Mary Conti’s review published on Letterboxd:
Part of the December Project: Film #11
William Friedkin's Killer Joe is a masterpiece of trashy Southern Gothic exploitation. Everything about this film feels dirty, from the washed digital cinematography, to the oily slick Matthew McConaughey, and the film's general story.
Killer Joe sees Friedkin teaming up again with Tracy Letts, who worked with Friedkin on the equally brilliant Bug, and like that film, this one succeeds at getting under your skin, but in a whole different kind of way.
I doubt anyone who watches Killer Joe will actually enjoy watching it. It's an unpleasant film with an unpleasant premise and some unpleasant characters. But it's ultimately the point of the film, and it does it so well it can't be denied.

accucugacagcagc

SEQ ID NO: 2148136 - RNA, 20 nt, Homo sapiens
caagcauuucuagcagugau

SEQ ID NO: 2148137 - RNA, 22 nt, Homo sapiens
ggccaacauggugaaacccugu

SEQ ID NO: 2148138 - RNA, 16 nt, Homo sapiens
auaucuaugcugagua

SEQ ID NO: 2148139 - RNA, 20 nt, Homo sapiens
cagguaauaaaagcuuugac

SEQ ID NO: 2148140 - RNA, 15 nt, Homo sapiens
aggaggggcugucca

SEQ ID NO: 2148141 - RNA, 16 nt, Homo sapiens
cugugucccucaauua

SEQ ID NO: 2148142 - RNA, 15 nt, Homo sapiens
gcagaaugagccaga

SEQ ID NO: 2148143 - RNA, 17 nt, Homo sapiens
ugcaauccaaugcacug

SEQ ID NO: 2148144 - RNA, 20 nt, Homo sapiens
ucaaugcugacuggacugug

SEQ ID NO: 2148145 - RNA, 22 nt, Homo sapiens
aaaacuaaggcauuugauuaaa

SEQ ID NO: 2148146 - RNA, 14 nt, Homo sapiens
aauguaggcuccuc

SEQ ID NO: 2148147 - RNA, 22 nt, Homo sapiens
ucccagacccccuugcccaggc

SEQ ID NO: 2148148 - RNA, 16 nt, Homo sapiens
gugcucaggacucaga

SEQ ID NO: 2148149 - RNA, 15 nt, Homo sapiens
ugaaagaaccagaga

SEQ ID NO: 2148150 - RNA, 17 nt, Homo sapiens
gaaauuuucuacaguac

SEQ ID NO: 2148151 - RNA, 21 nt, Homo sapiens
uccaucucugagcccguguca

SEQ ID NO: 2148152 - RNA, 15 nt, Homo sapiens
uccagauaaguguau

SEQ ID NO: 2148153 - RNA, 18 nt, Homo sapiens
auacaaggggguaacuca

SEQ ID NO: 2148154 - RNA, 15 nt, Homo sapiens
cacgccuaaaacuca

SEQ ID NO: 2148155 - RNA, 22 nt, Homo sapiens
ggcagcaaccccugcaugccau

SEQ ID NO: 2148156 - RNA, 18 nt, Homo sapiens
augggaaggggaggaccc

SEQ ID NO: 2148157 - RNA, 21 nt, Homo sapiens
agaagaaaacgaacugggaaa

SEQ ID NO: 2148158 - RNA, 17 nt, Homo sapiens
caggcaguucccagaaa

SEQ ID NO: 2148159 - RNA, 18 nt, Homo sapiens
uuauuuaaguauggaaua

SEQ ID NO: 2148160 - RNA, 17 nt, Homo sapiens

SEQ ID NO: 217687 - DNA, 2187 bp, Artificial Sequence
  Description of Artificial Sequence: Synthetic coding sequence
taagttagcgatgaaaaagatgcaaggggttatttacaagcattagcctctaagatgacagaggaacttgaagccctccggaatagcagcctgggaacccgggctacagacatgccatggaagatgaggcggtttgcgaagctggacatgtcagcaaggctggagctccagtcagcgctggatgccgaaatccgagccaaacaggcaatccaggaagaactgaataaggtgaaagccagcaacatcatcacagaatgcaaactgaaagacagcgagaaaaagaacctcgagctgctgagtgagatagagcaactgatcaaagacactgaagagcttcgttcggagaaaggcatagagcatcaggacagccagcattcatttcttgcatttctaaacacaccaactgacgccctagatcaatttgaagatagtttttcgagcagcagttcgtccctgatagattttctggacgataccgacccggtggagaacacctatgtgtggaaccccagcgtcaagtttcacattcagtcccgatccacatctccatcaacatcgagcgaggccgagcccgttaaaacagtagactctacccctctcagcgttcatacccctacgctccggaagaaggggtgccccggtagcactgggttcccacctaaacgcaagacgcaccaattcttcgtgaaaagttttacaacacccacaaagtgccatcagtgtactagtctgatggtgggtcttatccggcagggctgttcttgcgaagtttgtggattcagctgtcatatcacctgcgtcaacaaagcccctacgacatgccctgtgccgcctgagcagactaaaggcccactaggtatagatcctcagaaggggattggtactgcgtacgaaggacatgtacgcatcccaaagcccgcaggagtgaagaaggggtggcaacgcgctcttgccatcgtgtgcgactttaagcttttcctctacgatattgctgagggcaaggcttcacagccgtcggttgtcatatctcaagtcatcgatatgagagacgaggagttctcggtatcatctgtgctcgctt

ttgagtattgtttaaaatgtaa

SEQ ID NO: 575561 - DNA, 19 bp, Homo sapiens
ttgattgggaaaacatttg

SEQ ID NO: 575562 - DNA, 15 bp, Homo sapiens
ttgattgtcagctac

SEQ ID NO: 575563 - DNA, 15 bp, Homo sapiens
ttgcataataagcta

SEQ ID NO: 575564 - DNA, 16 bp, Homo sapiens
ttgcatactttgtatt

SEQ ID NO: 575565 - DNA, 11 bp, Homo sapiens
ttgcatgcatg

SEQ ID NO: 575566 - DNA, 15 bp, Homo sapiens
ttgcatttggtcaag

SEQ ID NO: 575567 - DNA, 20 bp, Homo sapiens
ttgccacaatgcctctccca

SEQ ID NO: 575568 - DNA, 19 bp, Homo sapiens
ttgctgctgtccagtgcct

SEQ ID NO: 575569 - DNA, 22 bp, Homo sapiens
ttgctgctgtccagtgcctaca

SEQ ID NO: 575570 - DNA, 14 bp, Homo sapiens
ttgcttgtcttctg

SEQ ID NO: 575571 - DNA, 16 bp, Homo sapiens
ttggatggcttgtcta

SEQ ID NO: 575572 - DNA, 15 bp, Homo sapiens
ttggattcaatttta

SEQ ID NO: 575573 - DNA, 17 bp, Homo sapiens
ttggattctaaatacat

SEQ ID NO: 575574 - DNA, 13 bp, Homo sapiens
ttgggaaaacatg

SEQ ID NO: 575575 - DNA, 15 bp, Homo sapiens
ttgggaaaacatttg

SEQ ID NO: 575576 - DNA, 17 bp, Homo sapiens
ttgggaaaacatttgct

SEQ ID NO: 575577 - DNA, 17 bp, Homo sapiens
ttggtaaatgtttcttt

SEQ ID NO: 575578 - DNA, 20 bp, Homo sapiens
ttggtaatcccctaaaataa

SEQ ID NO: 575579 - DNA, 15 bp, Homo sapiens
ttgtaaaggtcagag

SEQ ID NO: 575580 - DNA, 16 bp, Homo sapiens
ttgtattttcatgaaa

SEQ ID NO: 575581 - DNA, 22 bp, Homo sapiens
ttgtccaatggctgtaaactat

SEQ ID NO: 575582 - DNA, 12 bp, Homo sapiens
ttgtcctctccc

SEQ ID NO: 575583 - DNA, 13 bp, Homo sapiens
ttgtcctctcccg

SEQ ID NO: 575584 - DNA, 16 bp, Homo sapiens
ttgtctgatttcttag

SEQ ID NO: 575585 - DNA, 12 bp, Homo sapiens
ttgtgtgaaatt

2012 has been the year of Matthew McConaughey, who has finally grown out of his normal schtick and into challenging roles that involve a changed mentality and a focus on physicality. I can't see anyone else who is more perfect for the oily slick Joe Cooper, who owns the room the minute he walks into it.
The supporting cast is also excellent, with Emile Hirsch appearing straight out from the dirt to give a desperate performance, and Thomas Haden Church playing a worthless scumbag father. Also noteworthy is Gina Gershon as Church's trashy wife, and Juno Temple as the angelic yet easily corrupted Dottie.
William Friedkin chooses to keep to Letts' play structure, and as such, it often feels like a play. But this actually works to its advantage, and not only makes the setting grimier, but also more claustrophobic, and works to its advantage in moments like the film's final scene.
It is far from the most enjoyable film of the year, but I'll be damned if Killer Joe doesn't hit the mark it's aiming at. Trashy, grimy, and slick, Killer Joe is a film that shouldn't be missed.